Coping with change

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Moving to a new country is not easy. Some people had to wait years to get their application approved. Others had to go through difficult experiences. This could include:

  • Being forced to leave their homes
  • Running away from war
  • Being treated unfairly and without respect

All of this can be very stressful. Clinical psychologist Dr. Arpita Biswas said that everyone experiences stress. However, immigrants have to deal with many stressful things all at once. For example:

  • Adjusting to a new environment
  • Not having family or friends nearby
  • Money problems
  • Different ways of raising children because of cultural differences
  • Cultural conflicts
  • Experiencing racism and discrimination, even if it is not said out loud

Sometimes, these things can make you feel bad. You might lose confidence in yourself. You can feel unhappy. Here are some ways to feel better:

  1. Talk about it

    Talking is the first step to a solution. Share your worries with your spouse, parent, sibling, or a friend to relieve stress. You can also try talking to your pastor, priest, or counsellor and get advice. If you don’t want to feel alone, join a newcomer support group. You may see that others are going through a similar experience. Knowing that you’re not alone and that there are solutions can lessen your stress. Contact your nearest immigrant-serving organization to know the services available to you.

  2. Stay positive

    Deal with one problem at a time. Keep improving yourself. Learn English or polish work skills. Be happy with your achievements. This will encourage you to stay optimistic.  

    Your Mental Health and Well-being, IRCC.

  3. Take a break

    Relax and rest. Here are few activities you can do to help your body and mind recover:

    • Exercise
      The body produces chemicals to make you feel good when you exercise. Take a walk. Do breathing exercises. Meditate, or do yoga. You can also follow these stress-relief exercises on Youtube.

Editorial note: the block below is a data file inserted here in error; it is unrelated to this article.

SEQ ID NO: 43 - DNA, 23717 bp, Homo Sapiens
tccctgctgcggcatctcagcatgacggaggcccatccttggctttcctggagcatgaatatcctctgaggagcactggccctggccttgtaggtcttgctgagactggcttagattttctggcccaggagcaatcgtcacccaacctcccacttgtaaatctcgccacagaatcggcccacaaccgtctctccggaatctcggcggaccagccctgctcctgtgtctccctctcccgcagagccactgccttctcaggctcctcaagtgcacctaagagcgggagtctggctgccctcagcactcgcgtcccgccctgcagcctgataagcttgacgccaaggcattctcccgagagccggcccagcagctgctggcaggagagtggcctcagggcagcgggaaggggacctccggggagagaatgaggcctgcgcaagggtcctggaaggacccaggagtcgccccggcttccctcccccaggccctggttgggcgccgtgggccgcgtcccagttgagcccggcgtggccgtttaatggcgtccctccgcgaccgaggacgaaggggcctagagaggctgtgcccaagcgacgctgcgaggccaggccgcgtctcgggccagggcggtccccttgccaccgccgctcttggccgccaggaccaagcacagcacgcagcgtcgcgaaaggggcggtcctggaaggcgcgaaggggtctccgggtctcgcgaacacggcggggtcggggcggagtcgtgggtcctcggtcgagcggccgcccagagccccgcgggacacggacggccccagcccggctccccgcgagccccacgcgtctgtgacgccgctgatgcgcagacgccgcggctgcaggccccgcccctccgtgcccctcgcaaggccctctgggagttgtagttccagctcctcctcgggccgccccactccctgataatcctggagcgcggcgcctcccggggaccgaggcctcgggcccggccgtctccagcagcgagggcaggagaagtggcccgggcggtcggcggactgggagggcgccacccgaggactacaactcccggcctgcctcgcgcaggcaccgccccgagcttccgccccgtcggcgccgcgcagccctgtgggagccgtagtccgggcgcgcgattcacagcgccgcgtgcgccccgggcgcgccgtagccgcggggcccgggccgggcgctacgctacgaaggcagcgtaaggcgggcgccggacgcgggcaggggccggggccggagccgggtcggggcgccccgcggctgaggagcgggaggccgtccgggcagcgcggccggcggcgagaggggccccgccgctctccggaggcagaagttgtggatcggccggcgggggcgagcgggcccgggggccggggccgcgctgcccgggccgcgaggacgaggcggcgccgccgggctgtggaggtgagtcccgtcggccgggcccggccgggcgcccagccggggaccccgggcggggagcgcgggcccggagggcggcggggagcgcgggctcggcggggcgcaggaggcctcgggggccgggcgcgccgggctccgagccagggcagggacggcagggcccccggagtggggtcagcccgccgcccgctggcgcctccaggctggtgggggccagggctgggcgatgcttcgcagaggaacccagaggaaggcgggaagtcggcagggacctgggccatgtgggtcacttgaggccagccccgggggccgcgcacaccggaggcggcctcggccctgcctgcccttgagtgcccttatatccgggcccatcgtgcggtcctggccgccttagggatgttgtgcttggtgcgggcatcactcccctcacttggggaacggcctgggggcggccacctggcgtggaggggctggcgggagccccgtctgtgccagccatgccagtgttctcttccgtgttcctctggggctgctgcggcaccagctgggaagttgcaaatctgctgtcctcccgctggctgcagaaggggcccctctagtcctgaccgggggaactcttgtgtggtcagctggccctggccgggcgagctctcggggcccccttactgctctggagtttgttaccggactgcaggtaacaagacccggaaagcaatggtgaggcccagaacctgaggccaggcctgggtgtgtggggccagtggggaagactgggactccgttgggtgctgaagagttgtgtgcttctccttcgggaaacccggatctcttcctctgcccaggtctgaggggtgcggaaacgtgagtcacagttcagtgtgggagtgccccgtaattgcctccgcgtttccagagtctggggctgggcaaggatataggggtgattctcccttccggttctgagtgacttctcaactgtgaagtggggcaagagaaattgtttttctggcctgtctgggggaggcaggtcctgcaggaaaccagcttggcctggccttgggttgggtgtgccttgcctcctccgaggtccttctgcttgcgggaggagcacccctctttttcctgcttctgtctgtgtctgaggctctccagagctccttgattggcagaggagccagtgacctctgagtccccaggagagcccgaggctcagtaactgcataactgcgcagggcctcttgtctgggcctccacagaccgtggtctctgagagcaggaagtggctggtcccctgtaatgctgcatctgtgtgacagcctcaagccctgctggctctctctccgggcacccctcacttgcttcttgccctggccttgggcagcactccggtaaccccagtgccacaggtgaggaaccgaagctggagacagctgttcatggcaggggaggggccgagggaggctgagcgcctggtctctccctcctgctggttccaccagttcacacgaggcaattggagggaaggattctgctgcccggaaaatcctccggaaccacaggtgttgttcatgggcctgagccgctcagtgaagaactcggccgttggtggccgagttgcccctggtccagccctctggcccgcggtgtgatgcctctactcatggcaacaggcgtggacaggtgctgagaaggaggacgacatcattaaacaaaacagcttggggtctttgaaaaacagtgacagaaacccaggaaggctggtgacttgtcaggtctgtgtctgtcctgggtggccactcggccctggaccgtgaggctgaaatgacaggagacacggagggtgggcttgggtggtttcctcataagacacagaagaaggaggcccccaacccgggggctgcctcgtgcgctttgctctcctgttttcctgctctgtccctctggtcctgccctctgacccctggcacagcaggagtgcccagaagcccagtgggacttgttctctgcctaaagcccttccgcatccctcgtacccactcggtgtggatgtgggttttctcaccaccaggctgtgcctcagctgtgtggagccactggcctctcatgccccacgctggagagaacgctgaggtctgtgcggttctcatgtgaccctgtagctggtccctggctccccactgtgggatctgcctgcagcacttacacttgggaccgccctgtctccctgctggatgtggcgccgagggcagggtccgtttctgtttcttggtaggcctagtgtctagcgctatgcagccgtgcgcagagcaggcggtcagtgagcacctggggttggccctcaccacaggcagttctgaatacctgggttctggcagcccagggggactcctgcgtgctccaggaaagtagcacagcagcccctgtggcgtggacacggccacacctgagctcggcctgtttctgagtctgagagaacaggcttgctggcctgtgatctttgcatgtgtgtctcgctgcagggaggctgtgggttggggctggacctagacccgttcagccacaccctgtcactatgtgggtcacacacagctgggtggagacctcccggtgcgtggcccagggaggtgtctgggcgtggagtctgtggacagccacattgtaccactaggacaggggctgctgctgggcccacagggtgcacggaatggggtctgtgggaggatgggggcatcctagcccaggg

• Get a hobby
      Join an activity in your community centre. Check the Leisure Guide for free activities for you and your family. You can also join newcomer conversation circles and your community library’s book club to improve your English.

      Many organizations offer programs to help you stay healthy, learn English, or gain new skills. These are posted at library and community bulletin boards, at settlement service provider organization websites, and on the Your English Online Facebook Page.

    • Volunteer
      Helping others will keep you active. You can also learn new skills. Read 5 steps to applying successfully for a volunteer position to help you get started.
    • Read inspirational stories
      Reading about other newcomers’ experiences can inspire you. Search online or go to livelearn’s Newcomer Stories.
  4. Connect with a settlement service provider

    Settlement Service Providers offer many services for newcomers. They know your needs. They can tell you about great programs that are free.

  5. Seek professional help

    If you need more help, go to a psychiatrist or clinical psychologist. You can ask for a referral from a settlement service provider. Call the Mental Health Crisis hotlines, or Aurora Family Therapy Health Centre.

Article updated January 19, 2024.

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